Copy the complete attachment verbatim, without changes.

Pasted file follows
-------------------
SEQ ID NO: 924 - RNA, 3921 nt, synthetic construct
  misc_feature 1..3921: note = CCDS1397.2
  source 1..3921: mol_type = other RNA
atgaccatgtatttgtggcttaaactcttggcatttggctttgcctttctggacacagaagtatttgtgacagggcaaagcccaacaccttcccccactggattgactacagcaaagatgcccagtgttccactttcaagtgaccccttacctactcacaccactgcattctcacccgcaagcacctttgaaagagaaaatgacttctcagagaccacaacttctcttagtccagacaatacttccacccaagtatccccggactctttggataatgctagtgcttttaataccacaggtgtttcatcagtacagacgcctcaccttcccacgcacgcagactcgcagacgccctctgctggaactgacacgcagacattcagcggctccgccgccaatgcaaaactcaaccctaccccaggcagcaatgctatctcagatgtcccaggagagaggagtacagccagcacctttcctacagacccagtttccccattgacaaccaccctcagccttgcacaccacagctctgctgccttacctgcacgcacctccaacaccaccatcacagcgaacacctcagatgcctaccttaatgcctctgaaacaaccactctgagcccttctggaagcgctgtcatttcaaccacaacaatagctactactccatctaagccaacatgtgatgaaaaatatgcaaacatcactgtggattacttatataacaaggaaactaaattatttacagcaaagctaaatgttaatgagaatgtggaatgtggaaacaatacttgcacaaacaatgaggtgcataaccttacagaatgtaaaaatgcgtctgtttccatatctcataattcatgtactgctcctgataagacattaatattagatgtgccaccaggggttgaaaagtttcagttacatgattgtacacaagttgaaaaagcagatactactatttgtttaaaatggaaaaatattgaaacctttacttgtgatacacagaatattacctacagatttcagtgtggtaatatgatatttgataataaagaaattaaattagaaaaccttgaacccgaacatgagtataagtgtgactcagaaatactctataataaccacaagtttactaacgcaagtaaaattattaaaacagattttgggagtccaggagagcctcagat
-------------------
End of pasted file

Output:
SEQ ID NO: 924 - RNA, 3921 nt, synthetic construct
  misc_feature 1..3921: note = CCDS1397.2
  source 1..3921: mol_type = other RNA
atgaccatgtatttgtggcttaaactcttggcatttggctttgcctttctggacacagaagtatttgtgacagggcaaagcccaacaccttcccccactggattgactacagcaaagatgcccagtgttccactttcaagtgaccccttacctactcacaccactgcattctcacccgcaagcacctttgaaagagaaaatgacttctcagagaccacaacttctcttagtccagacaatacttccacccaagtatccccggactctttggataatgctagtgcttttaataccacaggtgtttcatcagtacagacgcctcaccttcccacgcacgcagactcgcagacgccctctgctggaactgacacgcagacattcagcggctccgccgccaatgcaaaactcaaccctaccccaggcagcaatgctatctcagatgtcccaggagagaggagtacagccagcacctttcctacagacccagtttccccattgacaaccaccctcagccttgcacaccacagctctgctgccttacctgcacgcacctccaacaccaccatcacagcgaacacctcagatgcctaccttaatgcctctgaaacaaccactctgagcccttctggaagcgctgtcatttcaaccacaacaatagctactactccatctaagccaacatgtgatgaaaaatatgcaaacatcactgtggattacttatataacaaggaaactaaattatttacagcaaagctaaatgttaatgagaatgtggaatgtggaaacaatacttgcacaaacaatgaggtgcataaccttacagaatgtaaaaatgcgtctgtttccatatctcataattcatgtactgctcctgataagacattaatattagatgtgccaccaggggttgaaaagtttcagttacatgattgtacacaagttgaaaaagcagatactactatttgtttaaaatggaaaaatattgaaacctttacttgtgatacacagaatattacctacagatttcagtgtggtaatatgatatttgataataaagaaattaaattagaaaaccttgaacccgaacatgagtataagtgtgactcagaaatactctataataaccacaagtttactaacgcaagtaaaattattaaaacagattttgggagtccaggagagcctcagat